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COVID-19 Pivot: Guidance for Small Business Survival and Restructuring

Following is the first in the Economic Alliance’s six-part “COVID-19 Pivot” entrepreneurial support series.

By Jesse Erickson

COVID-19 has taken the world by storm, impacting our daily lives, businesses and our future. For months to come, we will all look at this situation as a part of a larger conversation about how our businesses must evolve over time. We will consider additional remote working, greater supply chain diversification, new business models, better preparedness for future disruptions in the economic landscape and a host of other business success factors.

Though we all wish circumstances were different, now is an ideal time for each of us to reflect on our businesses and careers. As we all sit in semi- or full quarantine, we can take a pause and consider how this type of global shift could impact us permanently. Use this time wisely, even amid the confusion, to slow down and consider the following:

  1. Do my business strategy and plan require review?

When was the last time you looked at your business or strategic plan for your business? Perhaps you have several of them for different groups, services or products. Or, perhaps you’ve never written one at all. Now that you have some time away from the office, pull them back out or start writing them down. You may want to evaluate how well you have followed this written plan. You may need to adjust your plans to take into account how you will become more versatile as we emerge from the pandemic. If you’ve never done this before, find an expert that can talk you through the process, look at your existing model and possibly even help you improve it.

  1. What types of operational shifts will help me ride out disruption?

It may be time to evaluate new products, services and delivery methods. For many restaurants, this means considering take-out and delivery processes, or even online ordering. If you haven’t done this before, you definitely need to now. As the economy shifts, many products and services are becoming obsolete while others are skyrocketing to unseen levels. This is why companies like Amazon are limiting product sales to essentials while also hiring thousands of temporary workers. Is there a product or business you could add to your business that is pandemic-proof? If not, perhaps some consideration of recession-proof options is a better exercise. How can you ensure business continuity even when people aren’t spending?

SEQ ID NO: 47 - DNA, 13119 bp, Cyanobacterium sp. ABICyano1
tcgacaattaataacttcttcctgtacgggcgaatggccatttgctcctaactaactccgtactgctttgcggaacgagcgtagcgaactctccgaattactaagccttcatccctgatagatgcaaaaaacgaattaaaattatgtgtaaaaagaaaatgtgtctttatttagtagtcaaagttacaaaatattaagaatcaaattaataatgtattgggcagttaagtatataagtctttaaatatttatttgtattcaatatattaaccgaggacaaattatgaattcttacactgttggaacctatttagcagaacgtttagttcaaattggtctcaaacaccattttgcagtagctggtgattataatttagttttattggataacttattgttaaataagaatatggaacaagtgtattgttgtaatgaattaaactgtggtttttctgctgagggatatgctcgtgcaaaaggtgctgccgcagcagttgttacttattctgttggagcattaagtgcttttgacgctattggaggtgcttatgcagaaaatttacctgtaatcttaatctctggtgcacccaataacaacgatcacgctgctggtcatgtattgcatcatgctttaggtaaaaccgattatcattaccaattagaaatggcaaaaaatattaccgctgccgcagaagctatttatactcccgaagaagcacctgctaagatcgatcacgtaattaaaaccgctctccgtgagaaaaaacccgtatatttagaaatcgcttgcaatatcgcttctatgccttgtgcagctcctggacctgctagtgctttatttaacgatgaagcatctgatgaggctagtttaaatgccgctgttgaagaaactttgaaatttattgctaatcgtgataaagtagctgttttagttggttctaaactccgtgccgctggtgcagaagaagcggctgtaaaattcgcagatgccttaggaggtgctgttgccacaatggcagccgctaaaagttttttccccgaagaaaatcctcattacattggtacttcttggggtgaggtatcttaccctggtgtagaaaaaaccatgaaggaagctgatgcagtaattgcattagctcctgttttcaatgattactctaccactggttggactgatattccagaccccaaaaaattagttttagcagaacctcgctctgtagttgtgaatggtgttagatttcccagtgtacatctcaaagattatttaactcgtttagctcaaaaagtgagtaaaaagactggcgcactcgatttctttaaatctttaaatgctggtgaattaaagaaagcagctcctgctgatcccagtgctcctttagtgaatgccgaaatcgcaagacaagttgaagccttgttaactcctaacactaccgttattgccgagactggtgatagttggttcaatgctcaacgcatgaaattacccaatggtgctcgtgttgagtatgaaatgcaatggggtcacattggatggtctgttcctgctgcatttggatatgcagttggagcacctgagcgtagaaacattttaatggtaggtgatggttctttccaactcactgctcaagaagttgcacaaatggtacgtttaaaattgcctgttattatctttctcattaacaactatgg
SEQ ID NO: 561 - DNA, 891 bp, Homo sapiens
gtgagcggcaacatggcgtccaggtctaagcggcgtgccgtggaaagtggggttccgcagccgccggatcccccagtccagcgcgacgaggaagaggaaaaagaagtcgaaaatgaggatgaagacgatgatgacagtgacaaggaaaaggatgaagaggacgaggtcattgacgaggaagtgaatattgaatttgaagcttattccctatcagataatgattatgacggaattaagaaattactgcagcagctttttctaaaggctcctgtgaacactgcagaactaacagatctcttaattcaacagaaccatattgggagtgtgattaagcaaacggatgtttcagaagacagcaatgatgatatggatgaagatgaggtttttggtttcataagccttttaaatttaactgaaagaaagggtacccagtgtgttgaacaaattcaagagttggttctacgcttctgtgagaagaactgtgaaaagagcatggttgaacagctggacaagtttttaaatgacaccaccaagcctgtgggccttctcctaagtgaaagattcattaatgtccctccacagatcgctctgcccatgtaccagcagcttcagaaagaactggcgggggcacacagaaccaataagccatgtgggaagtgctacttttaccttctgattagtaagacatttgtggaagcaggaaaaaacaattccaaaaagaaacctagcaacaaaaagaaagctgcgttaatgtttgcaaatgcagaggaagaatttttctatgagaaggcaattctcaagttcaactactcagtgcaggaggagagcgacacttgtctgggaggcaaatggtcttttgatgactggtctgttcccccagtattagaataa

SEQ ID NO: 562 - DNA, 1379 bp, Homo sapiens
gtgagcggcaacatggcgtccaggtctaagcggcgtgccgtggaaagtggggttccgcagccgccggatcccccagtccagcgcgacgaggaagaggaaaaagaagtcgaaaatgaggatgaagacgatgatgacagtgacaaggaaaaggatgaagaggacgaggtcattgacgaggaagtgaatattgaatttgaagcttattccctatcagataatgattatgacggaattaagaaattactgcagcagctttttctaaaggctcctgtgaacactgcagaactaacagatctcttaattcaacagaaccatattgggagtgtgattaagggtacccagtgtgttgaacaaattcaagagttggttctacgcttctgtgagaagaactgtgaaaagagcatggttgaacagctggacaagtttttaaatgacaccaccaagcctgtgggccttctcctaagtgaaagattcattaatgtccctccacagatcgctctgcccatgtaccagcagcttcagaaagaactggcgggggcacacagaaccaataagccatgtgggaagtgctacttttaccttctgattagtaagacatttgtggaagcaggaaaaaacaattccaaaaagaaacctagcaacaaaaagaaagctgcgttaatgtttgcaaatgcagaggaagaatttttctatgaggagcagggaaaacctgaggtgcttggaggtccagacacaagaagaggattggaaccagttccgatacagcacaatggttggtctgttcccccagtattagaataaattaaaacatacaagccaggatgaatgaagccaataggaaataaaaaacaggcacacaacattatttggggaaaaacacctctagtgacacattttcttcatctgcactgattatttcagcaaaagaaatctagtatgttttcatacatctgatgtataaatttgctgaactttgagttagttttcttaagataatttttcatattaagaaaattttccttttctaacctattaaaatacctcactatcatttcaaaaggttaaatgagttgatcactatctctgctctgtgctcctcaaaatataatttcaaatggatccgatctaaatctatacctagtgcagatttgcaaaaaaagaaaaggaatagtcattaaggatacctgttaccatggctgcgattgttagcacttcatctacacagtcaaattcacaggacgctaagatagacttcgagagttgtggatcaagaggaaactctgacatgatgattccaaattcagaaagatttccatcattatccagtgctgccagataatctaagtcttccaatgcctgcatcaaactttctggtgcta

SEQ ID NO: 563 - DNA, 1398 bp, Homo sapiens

1. How should I adjust my sales and marketing funnels?

Many businesses have had the same marketing and sales funnel for years. Perhaps your customer base is driven purely by passer-by traffic or you’ve been servicing the same accounts for as long as you can remember. If this is you, a new funnel is long overdue. Begin to develop content, customer lists and other pieces of the funnel puzzle while you have the spare time. You might not close any sales this week, but you will be prepared to ride with the economic upturn when the time comes. After evaluation, you may find that your old way of servicing customers no longer works in the post-coronavirus world. Have confidence that, as markets rebound, diversification will certainly help to mitigate risk to your business going forward.

  1. Which pesky tasks can I knock out?

We all have that list. The list that sits there, staring us in the face, day after day. We want to get to it. (Or maybe we don’t). We mostly just want it to go away. Get to it this week, and knock out lingering tasks so you can start fresh when we resume our normal work life.

  1. What new knowledge or skills can I pick up?

Last but certainly not least, learn something new that will benefit your business. I’ve been taking this time to start exploring deeper analytics for business and other use cases. I’ve started reading a book that has been sitting on my shelf for over a year and have begun exploring a new software I’ve been meaning to learn. Ensure that this time is spent looking at something that can help you grow once the quarantine is lifted.

Though the world has changed overnight and everyone is scrambling to understand the possible long-term impacts, now is indeed the time to take it slow,  to reevaluate and reflect on how our businesses can be better when we come out of this. Refocus your work life, however it may currently look, on these ideas and come out of the coronavirus with a stronger business than you’ve ever had!

I look forward to considering these five issues in greater depth with you over the next several weeks. Join the ongoing conversation at Catalyst’s Facebook page.

JESSE ERICKSON is president and CEO of Catalyst, a Kankakee, Illinois-based business and organizational consultancy. Catalyst leads clients through business and strategic planning, development of new revenue streams and cost-cutting tactics, the implementation of better financial management processes, and the integration of strategic initiatives to improve organizational visibility, data analysis, and overall growth. Jesse is a Quickbooks Certified ProAdvisor, an Asana Certified Pro and a Certified Business Incubation Manager. He holds a Doctorate in Business Administration (Strategy & Innovation concentration), Master of Engineering Management (Technical Entrepreneurship concentration) and a B.S. in Electrical Engineering.